Equine influenza has been identified as the respiratory disease that claimed the lives of nearly 60,000 donkeys in West Africa earlier this year.
Despite the huge number of animals being affected, there was initially no formal diagnosis for the disease. Many countries declared the outbreak to be the common respiratory infection strangles. But veterinarians from international animal charity Spana noticed that the outbreak that swept through Mali and other parts of West Africa this year behaved more like a respiratory virus.
From January until June 2019, Mali suffered a serious outbreak of respiratory disease in donkeys and horses. This outbreak was widespread across West Africa and affected several surrounding countries such as Niger, Nigeria and Burkina Faso. Symptoms included high fever, difficulty in breathing and a hard cough, all of which proved highly contagious. Some West African governments announced almost 60,000 donkey deaths resulting from the disease.
At the start of the epidemic, Spana vets in Mali treated thousands of respiratory cases in the Segou region and other locations. Spana provided training to vet professionals on respiratory diseases, how to recognise and manage suspected cases, and on biosecurity measures to help prevent the outbreak from spreading. Thermometers were distributed to animal health technicians to help them monitor suspected cases and meetings were held with the government veterinary department to report findings and disseminate information as quickly as possible.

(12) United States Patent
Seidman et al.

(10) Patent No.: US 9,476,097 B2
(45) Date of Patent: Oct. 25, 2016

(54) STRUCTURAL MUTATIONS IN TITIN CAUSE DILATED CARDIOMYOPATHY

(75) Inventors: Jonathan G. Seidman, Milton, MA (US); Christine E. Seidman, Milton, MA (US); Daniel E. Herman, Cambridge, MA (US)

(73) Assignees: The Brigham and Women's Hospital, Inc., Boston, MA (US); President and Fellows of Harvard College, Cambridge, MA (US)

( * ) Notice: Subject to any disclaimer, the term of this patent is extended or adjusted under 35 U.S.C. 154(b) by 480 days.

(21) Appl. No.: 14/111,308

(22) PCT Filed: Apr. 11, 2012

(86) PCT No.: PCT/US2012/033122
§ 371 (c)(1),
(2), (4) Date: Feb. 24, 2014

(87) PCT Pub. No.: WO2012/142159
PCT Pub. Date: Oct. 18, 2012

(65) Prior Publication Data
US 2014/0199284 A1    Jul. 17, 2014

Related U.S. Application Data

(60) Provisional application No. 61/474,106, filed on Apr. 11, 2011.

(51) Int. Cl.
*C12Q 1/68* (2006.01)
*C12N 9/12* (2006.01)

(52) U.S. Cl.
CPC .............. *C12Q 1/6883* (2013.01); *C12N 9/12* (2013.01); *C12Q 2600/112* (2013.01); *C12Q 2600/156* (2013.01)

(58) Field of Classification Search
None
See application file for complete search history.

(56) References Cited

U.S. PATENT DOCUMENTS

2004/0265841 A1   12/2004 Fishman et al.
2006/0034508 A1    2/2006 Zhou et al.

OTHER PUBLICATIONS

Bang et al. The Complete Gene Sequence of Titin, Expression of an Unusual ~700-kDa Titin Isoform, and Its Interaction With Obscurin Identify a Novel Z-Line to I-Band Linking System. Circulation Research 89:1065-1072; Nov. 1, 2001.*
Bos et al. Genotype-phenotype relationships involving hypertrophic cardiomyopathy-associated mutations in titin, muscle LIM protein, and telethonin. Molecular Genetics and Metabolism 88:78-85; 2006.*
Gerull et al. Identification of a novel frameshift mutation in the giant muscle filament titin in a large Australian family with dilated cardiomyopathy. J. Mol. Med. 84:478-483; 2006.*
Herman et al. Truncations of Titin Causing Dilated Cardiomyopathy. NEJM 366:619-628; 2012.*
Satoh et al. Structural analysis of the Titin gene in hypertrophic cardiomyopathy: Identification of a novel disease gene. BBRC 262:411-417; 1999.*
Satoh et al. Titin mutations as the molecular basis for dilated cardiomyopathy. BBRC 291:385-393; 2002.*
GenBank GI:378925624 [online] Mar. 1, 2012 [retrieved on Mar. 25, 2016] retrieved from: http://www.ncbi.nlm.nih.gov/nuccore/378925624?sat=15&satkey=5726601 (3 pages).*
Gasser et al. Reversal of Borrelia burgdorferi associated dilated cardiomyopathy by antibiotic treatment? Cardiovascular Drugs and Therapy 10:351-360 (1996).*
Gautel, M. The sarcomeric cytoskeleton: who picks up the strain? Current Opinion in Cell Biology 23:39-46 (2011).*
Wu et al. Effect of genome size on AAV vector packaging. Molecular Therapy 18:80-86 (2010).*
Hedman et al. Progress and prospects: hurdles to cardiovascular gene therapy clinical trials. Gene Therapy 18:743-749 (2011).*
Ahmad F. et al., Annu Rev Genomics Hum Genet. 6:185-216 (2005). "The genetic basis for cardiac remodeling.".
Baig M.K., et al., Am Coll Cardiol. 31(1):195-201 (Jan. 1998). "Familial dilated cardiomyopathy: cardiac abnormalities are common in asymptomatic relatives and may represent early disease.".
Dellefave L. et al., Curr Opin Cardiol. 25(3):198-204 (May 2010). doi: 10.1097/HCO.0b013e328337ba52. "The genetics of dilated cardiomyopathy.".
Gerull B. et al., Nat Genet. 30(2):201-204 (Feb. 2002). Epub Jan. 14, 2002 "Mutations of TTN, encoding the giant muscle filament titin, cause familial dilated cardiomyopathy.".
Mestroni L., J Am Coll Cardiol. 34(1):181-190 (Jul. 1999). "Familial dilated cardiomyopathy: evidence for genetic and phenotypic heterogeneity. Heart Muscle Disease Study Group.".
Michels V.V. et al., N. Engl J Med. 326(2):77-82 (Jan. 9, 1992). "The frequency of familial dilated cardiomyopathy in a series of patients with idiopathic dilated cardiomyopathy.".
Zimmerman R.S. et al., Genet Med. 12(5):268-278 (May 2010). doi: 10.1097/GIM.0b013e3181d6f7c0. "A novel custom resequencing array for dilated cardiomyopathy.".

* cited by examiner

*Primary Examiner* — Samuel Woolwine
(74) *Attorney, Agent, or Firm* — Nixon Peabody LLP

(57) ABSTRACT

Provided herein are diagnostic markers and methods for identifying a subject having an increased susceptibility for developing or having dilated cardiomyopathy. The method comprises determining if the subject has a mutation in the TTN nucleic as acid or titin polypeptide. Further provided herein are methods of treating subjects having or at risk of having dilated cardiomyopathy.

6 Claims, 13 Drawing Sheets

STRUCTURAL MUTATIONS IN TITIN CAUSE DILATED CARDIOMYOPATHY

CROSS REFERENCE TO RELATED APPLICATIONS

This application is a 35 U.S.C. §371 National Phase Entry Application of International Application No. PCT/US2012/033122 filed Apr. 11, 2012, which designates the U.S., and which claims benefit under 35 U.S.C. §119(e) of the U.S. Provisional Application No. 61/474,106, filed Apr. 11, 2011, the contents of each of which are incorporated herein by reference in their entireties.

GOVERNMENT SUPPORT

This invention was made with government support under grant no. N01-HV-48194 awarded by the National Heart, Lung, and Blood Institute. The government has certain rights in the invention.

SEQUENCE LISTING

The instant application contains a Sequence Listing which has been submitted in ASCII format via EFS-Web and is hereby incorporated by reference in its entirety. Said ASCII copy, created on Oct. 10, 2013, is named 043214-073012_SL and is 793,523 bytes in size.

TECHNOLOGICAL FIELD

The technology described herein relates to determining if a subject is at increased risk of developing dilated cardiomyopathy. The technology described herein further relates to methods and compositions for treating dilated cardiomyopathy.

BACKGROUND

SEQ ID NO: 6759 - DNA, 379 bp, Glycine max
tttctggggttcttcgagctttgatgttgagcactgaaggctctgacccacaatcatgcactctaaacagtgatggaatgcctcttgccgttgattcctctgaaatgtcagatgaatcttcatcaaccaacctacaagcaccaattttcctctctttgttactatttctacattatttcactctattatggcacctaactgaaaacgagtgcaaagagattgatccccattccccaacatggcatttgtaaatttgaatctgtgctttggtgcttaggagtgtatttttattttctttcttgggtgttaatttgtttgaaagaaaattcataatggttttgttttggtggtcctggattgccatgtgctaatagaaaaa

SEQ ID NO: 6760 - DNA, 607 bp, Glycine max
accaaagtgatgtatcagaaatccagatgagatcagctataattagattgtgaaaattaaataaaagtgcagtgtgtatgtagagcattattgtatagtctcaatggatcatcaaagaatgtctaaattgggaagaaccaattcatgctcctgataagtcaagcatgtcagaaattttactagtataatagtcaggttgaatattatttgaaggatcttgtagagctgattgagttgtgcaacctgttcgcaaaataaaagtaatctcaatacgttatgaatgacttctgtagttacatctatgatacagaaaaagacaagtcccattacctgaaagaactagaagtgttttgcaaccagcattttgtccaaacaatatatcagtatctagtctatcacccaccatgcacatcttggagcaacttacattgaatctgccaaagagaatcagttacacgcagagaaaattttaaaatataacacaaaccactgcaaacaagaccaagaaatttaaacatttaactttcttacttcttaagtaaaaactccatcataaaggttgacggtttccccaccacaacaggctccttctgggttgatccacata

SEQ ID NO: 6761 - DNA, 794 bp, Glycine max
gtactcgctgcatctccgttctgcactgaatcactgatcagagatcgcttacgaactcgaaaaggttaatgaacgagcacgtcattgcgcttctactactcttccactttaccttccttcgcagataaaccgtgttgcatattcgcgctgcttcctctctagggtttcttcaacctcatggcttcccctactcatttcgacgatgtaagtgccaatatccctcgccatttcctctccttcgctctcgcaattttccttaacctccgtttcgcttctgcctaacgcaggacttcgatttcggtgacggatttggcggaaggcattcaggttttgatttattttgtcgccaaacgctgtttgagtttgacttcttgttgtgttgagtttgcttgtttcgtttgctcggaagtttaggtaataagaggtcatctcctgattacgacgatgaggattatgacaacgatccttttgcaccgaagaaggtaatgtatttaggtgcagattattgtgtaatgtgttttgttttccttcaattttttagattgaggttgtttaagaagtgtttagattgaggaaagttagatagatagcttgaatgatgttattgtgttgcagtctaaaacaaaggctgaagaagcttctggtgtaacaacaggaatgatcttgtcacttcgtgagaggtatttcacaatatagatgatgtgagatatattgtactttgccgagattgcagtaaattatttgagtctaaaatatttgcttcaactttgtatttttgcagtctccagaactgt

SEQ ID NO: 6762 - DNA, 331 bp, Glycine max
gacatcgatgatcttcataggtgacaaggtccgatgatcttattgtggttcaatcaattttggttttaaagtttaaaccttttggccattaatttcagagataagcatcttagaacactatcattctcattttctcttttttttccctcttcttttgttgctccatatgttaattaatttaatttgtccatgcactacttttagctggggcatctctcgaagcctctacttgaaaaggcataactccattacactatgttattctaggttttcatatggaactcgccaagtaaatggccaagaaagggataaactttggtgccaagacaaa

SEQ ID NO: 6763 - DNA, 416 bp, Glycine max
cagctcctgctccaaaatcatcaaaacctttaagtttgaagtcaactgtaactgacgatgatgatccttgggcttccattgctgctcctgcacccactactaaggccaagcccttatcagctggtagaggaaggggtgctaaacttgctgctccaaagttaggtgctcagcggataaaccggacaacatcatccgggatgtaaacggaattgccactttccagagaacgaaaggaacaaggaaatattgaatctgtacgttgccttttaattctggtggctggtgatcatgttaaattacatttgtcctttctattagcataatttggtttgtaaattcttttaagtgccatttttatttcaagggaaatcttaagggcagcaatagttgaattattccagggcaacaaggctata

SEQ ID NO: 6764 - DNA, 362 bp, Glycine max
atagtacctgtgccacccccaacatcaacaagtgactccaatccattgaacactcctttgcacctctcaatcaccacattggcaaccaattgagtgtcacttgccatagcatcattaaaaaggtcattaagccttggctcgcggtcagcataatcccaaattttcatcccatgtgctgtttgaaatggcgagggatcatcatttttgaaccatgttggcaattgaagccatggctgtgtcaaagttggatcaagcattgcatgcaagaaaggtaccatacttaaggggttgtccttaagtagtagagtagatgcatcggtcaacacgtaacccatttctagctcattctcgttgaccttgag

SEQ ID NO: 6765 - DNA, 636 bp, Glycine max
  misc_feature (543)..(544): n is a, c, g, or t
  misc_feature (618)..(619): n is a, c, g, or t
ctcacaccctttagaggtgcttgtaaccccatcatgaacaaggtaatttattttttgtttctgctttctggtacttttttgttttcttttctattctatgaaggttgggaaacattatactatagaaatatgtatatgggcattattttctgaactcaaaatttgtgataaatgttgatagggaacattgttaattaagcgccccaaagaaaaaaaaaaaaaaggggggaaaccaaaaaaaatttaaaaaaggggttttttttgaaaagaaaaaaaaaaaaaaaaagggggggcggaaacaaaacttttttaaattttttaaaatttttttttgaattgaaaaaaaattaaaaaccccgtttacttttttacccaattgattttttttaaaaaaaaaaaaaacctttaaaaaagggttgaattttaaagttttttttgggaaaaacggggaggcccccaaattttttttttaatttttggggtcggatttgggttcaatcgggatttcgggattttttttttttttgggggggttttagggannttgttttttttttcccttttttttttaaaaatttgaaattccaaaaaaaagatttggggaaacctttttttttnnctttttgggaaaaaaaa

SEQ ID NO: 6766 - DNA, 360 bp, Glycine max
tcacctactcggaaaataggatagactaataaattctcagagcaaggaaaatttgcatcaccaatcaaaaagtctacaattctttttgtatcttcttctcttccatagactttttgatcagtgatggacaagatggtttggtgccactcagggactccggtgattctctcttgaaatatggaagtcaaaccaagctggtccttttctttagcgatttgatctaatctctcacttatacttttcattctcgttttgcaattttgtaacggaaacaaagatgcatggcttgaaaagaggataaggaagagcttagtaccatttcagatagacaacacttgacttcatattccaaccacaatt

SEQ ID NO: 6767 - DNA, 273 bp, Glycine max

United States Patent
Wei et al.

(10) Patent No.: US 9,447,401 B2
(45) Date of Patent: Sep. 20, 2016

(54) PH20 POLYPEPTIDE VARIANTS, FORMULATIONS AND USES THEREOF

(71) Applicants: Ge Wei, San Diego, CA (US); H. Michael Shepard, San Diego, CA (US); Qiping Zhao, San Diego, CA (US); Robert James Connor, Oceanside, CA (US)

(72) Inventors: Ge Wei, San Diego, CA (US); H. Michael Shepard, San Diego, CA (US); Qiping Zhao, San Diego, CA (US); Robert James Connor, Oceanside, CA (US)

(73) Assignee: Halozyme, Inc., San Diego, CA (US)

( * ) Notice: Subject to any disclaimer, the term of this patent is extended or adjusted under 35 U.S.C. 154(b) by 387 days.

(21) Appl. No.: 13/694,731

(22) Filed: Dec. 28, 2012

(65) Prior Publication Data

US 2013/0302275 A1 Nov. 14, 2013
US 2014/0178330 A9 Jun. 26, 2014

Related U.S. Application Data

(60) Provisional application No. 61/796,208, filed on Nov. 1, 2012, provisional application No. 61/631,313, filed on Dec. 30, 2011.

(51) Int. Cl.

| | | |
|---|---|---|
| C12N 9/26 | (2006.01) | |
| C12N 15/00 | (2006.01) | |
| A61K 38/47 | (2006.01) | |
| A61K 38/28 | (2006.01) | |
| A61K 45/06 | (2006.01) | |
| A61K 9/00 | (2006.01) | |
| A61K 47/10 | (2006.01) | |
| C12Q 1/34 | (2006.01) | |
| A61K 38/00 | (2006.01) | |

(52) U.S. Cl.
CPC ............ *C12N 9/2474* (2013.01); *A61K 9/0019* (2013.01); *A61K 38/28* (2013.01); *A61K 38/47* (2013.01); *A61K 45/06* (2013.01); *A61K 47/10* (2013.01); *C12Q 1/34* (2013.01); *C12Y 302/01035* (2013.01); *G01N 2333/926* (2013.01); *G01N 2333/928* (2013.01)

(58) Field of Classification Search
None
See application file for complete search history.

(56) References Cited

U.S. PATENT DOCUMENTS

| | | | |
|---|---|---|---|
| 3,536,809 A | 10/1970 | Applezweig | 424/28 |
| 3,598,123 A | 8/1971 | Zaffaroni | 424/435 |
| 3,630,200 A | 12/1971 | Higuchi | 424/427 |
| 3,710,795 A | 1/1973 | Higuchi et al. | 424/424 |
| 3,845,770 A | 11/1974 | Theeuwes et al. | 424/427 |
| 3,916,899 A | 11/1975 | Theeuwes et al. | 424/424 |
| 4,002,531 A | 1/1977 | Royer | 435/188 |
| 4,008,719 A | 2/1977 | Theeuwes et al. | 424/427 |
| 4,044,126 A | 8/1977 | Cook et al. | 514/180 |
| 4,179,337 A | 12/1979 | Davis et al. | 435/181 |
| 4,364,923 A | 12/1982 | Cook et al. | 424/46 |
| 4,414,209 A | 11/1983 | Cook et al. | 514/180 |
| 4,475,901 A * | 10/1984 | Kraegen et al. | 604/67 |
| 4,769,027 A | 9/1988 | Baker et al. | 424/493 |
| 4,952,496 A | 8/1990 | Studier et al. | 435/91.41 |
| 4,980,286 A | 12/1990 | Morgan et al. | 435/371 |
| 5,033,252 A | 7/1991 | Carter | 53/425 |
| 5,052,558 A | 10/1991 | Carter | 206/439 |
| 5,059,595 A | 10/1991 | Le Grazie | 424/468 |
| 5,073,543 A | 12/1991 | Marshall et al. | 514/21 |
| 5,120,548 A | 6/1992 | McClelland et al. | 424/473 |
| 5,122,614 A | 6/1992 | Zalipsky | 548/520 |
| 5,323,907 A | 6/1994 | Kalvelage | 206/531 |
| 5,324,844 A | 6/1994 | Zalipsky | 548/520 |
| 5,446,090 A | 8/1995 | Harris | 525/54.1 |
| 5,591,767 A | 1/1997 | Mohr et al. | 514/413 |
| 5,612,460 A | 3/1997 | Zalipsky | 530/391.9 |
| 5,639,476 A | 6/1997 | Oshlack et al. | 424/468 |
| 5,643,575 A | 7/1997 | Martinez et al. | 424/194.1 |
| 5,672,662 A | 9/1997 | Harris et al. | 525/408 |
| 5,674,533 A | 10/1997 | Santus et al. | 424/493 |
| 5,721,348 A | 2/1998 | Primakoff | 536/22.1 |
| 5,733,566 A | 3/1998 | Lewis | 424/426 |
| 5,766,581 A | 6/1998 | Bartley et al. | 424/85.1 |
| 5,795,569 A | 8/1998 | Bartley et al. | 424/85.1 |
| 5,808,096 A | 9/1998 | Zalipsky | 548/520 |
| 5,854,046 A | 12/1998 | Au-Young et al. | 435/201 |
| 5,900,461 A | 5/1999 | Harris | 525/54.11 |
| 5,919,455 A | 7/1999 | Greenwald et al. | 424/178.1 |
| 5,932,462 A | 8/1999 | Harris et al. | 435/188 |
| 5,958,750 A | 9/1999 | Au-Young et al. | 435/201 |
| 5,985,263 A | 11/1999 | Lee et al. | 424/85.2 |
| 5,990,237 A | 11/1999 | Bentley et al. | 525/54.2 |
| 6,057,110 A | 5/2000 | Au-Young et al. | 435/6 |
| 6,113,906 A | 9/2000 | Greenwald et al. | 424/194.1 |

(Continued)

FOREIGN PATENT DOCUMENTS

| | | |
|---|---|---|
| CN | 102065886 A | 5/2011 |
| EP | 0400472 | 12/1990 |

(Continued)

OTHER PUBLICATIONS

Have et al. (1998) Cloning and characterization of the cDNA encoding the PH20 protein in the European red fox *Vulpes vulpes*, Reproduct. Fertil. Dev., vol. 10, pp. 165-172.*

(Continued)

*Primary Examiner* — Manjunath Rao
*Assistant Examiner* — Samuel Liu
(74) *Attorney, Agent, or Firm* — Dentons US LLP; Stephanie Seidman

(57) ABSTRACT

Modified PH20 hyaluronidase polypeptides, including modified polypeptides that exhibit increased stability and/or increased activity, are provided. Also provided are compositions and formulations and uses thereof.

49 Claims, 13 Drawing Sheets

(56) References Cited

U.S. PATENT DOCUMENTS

Samples were then sent to the Animal Health Trust, a UK laboratory, which led to a confirmed diagnosis of Equine Influenza Virus (Equine Flu).
Dr Ben Sturgeon, Director of Veterinary Programmes at Spana, said that after weeks of effort, Spana’s Veterinary Programme Advisor Dr Mathilde Merridale-Punter managed to submit several samples to the Animal Health Trust, which led to the confirmed laboratory diagnosis of equine flu in June.
“We very strongly wanted to achieve a definitive diagnosis of this outbreak to allow veterinary professionals to manage and prevent the spread of it, as well as perform adequate treatment of affected cases,” Sturgeon said.
“These results were the first to be obtained from the outbreak in Mali and are therefore extremely relevant in managing the aftermath of the epidemic, informing the communities, and in devising national and international strategies to prepare professionals for possible similar situations in the future. The hope is this will ensure that working animals and the people who depend on them will be better protected should an outbreak occur again.”
Following the end of the outbreak, Merridale-Punter and Spana’s Mali director Dr Amadou Doumbia met more than 60 veterinary professionals from across the country to gather information about the epidemic and its consequences for working animals and affected communities. Spana also provided further training to vets on respiratory disease, outbreak management and biosecurity.